NEW YORK, NOV. 14 -- Stocks resumed their rally of Friday and Monday as the Dow Jones industrial average climbed 24 points today.
Renewed strength in bank stocks and computer companies, a $2-a-barrel drop in the price of oil and continued strength in the bond market convinced fence-sitters to hop aboard today's rising market.
U.S. 30-year bonds rose 11/32 by the close. And December crude oil futures slumped $1.96 per barrel to settle at $31.16 as lack of bad news from the Middle East combined with technical selling pressures to force prices lower.
"The rally looks increasingly real -- it wasn't just programs that did it, although there was some index arbitrage during the afternoon," said chief institutional trader David Mack at Cowen and Co. "Gains were fairly across-the-board. It seems people are increasingly afraid of being under-invested."
Chief trader Kenneth Ducey at S.G. Warburg said, "It's partially an interest-rate play -- people still expect the Fed to lower interest rates sometime this week, even though the Fed didn't act today. There have been some buy programs, but there's been a solid underpinning of cash buying all along."
"People are definitely reducing their cash positions here," said Paul Kronlokken at Piper Jaffray & Hopwood. On Tuesday, Piper Jaffray's model equities portfolio went from 25 percent cash to 15 percent cash.
Traders said a broad recommendation in favor of bank stocks from Salomon Brothers served to strengthen perceptions that the financial sector has only begun to rally and that further sharp gains lie ahead before the bludgeoned banks will be seen to have corrected their severely oversold condition of the last few weeks.
At the close, the Dow stood at 2559.65, up 24.25, while advances led declines at the New York Stock Exchange by a ratio of a little less than 2 to 1 on moderately active volume of 179 million shares.
Special-situation plays helped lift spirits. MCA held on to a 4 1/8 gain at 66 5/8 at the close in anticipation of a completion of a Matsushita buyout sometime next week.
Home Depot rose 1 5/8 to 35 1/4 in active trading, propped up by what traders said was a Morgan Stanley recommendation.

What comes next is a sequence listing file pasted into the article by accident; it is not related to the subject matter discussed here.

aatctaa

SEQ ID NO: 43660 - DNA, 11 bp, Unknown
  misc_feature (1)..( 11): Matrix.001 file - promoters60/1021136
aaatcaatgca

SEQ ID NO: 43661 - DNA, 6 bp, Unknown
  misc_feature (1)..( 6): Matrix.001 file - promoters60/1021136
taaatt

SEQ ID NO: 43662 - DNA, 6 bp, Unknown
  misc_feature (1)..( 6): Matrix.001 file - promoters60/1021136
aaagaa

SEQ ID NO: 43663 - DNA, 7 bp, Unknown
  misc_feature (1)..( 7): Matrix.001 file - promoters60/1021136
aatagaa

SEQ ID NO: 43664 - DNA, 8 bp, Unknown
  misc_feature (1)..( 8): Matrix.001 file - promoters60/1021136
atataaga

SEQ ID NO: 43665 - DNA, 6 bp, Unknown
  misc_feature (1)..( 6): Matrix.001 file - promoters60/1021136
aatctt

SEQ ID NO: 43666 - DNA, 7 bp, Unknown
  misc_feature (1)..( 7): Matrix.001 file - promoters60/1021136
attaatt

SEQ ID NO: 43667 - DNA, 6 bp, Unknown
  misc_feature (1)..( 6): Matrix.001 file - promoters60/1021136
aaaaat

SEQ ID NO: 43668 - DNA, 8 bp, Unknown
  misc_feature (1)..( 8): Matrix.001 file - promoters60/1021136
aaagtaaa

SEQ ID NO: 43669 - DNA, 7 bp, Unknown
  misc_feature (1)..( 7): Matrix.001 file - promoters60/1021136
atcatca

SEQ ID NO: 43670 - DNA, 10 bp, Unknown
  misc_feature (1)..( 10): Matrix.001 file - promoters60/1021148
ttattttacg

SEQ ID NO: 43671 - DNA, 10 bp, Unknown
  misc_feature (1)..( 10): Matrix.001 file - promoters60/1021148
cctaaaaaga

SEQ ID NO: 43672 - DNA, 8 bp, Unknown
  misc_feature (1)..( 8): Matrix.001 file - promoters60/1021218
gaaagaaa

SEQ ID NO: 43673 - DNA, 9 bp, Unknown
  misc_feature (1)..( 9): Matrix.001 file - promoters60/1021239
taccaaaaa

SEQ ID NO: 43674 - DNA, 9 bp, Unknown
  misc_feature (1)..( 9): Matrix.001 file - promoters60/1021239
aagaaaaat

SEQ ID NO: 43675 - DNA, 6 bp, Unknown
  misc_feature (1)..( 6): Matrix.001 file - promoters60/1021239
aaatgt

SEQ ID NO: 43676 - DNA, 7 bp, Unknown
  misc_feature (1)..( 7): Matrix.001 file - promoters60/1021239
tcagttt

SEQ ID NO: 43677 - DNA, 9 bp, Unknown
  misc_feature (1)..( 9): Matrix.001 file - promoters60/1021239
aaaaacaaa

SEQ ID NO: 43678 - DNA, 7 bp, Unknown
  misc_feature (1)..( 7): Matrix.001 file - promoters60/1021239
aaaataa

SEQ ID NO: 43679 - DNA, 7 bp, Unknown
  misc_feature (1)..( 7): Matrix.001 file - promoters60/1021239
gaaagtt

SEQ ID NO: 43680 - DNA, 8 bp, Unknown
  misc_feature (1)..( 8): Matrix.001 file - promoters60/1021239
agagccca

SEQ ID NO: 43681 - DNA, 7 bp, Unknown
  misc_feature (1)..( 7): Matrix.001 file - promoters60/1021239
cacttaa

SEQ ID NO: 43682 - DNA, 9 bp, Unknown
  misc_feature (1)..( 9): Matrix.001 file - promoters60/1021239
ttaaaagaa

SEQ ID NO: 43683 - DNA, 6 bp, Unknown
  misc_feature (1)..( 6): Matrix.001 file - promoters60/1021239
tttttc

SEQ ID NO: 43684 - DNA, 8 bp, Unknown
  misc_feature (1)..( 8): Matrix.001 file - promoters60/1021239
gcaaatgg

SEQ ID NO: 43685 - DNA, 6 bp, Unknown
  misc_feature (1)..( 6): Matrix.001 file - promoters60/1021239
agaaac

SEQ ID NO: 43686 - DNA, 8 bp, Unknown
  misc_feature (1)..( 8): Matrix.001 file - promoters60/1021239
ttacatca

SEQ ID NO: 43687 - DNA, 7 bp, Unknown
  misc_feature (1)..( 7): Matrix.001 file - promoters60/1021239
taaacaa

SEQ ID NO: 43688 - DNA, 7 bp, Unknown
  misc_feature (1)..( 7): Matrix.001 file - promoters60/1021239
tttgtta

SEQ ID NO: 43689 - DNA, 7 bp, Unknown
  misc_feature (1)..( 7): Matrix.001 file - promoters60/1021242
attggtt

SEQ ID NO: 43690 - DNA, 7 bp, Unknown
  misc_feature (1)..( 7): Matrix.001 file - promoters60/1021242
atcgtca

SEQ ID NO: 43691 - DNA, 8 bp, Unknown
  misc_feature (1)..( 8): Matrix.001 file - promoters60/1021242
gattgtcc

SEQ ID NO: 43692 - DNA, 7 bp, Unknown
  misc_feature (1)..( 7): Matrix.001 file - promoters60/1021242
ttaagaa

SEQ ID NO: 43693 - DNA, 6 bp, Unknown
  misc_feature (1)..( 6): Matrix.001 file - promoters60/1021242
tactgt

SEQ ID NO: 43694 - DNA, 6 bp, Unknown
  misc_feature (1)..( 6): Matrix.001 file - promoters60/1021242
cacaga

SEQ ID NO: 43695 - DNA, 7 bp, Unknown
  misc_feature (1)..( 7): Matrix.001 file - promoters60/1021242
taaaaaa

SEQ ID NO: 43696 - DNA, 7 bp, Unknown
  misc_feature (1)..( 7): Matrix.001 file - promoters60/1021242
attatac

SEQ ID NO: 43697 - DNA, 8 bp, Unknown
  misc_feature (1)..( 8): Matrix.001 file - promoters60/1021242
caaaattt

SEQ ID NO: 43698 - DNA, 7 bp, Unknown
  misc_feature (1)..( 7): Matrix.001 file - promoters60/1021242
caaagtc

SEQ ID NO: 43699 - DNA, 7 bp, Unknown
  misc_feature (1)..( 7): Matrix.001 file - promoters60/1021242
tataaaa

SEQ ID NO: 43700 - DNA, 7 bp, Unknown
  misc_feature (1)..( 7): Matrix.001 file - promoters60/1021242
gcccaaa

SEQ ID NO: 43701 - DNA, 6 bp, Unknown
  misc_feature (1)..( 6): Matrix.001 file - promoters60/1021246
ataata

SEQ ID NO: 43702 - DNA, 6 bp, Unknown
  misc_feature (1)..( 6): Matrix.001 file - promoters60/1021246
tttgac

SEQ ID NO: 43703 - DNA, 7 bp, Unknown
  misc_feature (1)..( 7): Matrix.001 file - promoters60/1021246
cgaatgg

Among Dow components at the close, IBM was up 1 1/2 at 113 1/2, Merck gained 1 3/4 to 84 3/8, Minnesota Mining rose 1 to 80 1/2 and Procter & Gamble added 1 1/2 to 82 5/8. Procter announced that its employee stock ownership plan will borrow $1 billion over 30 years to prefund retiree benefits.
Among money-center banks, full-point gains were posted by Security Pacific, First Interstate and Republic New York. In financial services, solid gains were realized by such companies as Loews Corp., up 1 1/4 at 93 3/8, and Household Finance, up 1 1/2 at 26. Insurance stocks also prospered as CNA Financial rose 1 7/8 to 57 3/4 and Marsh and McLennan tacked on 1 1/4 to 75 1/8.
Among the computers, aside from IBM, Digital Equipment rose 1 3/8 to 52 1/4, Hewlett-Packard gained 1 5/8 to 28 1/4, NCR rallied 1 1/2 to 56 5/8 and, in Nasdaq trading, Apple moved up 1 to 37.
Software companies also did well. Telecredit surged 3 1/4 to 39 1/2, for example, while National Data gained 1 5/8 to 13 7/8.
The Dow transportation average rose 9.79 to close at 877.59, while the utilities eased 0.32 to 208.75.
Among broad stock indexes, the Standard & Poor's 500 was up 2.74 at 320.40, the NYSE Composite gained 1.37 to 174.68, the Value Line rose 2.27 to 230.39, the Amex Market Value picked up 2.31 to 297.87 and the Nasdaq Composite was up 4.00 at 356.87.